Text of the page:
The God Delusion: Richard Dawkins--eminent biologist and bete noire of creationists--endeavors to show that belief in a supernatural being that created and designed the universe is a pernicious delusion (31,108)

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Date: Summer 2007
From: The Midwest Quarterly(Vol. 48, Issue 4)
Publisher: Pittsburg State University - Midwest Quarterly
Document Type: Book review
Length: 1,528 words
Lexile Measure: 1280L

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The God Delusion by Richard Dawkins. Boston and New York: Houghton Mifflin Company, 2006. 406 pp., notes and index. $27.00 cloth.

Richard Dawkins--eminent biologist and bete noire of creationists--endeavors to show that belief in a supernatural being that created and designed the universe is a pernicious delusion (31,108). As one would expect, Dawkins makes his case with cleverness, pugnacity, and flashes of brilliance. The first 160 pages attack theistic arguments as "spectacularly weak" and argue that it is overwhelmingly probable that God does not exist. In the remaining 200 + pages, Dawkins sketches a theory of religion as the misfiring of something useful (like children believing what their parents tell them), traces the Darwinian origins of our moral sense, denies the relevance of religious beliefs to sound ethical principles, lays bare the mischief done by absolutist religion (especially harm to children), and waxes eloquent on how science can inspire us. Dawkins promotes his book as a "consciousness-raiser" for "atheist pride." He hopes that religious readers follow the examples of Douglas Adams (author of Hitchhiker's Guide to the Galaxy) and others who became atheists after reading Dawkins's earlier books (5, 116-117, 322).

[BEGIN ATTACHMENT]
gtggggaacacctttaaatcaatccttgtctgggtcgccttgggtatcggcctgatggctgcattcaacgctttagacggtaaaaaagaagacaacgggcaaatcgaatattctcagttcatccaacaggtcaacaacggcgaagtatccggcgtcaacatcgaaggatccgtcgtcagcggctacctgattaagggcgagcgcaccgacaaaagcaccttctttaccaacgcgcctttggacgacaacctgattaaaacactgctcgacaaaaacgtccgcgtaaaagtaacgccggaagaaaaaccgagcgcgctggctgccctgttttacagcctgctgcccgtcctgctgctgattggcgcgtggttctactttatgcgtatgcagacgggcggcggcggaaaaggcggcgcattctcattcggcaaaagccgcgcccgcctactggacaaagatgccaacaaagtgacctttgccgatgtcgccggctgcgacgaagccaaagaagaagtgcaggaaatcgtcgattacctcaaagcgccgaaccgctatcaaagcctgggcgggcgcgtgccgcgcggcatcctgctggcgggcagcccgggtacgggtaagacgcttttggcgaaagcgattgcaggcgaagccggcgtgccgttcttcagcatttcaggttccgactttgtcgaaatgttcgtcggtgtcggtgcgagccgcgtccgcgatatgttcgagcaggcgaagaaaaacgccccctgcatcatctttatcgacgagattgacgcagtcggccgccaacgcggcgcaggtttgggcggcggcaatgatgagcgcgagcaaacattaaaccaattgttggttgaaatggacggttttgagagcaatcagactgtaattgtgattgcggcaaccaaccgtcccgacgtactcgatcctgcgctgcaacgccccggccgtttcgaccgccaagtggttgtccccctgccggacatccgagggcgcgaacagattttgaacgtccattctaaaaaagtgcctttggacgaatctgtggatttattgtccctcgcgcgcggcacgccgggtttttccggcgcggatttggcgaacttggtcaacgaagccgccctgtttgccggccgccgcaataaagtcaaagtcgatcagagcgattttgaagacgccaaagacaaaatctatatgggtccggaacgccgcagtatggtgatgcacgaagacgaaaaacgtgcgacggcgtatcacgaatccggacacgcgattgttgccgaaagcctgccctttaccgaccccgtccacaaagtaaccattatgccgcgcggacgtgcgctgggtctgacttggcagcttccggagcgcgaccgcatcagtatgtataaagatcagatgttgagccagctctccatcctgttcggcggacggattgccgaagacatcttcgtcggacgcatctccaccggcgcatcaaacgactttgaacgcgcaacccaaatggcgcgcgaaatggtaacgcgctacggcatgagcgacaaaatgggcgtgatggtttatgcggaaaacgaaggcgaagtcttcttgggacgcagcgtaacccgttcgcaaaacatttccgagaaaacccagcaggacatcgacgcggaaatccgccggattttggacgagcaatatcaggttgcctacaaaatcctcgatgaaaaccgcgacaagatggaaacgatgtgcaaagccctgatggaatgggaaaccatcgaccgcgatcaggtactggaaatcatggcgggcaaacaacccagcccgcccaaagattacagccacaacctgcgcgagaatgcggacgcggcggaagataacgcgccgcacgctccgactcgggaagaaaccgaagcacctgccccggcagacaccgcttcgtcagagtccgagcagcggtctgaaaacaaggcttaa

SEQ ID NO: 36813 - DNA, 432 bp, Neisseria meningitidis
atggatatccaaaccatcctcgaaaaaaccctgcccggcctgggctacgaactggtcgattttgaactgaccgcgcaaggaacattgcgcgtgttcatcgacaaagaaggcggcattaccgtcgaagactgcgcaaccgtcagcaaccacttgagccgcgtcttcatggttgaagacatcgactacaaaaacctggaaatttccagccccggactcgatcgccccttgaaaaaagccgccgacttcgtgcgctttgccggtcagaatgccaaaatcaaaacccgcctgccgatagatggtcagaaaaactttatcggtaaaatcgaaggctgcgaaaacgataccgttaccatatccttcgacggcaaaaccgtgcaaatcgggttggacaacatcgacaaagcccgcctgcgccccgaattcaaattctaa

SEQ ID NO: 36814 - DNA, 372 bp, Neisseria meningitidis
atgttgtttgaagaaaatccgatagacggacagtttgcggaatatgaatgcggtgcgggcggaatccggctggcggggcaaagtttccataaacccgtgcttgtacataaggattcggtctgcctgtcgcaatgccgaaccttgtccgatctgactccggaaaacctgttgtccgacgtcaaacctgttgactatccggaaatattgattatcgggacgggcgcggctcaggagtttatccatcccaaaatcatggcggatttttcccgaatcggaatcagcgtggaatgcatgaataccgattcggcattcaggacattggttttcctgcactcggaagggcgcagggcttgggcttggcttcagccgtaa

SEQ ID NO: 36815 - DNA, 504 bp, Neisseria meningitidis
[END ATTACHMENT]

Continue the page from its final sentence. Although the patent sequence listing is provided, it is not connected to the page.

Much of Dawkins's project can be endorsed by intellectually responsible theists. For example, if "is" and "ought" are not conflated, few theists would object to exploring the evolution of our sense of right and wrong. Or again, Dawkins omits to mention that many theists embrace the Socratic dictum that an act can be good whether or not it is loved by God. Thoughtful people of faith will join Dawkins in bemoaning evils done in the name of religion. They might add that religiously motivated individuals are often--but not often enough--in the vanguard of social justice movements: think of William Wilberforce on slavery and animal cruelty, Dorothea Dix on the humane treatment of the mentally ill, and Martin Luther King Jr. on civil rights. In recent memory, the Anglican theologian Norman Pittenger advocated full acceptance of homosexuals and lived openly with his partner. Theists also agree that the study of sacred writings is integral to a literary education (340f). Finally, theists, no less than atheists, can appreciate the grandeur of the world as revealed by science. Teilhard de Chardin was fond of saying that research is adoration.

Where, then, is the battle...

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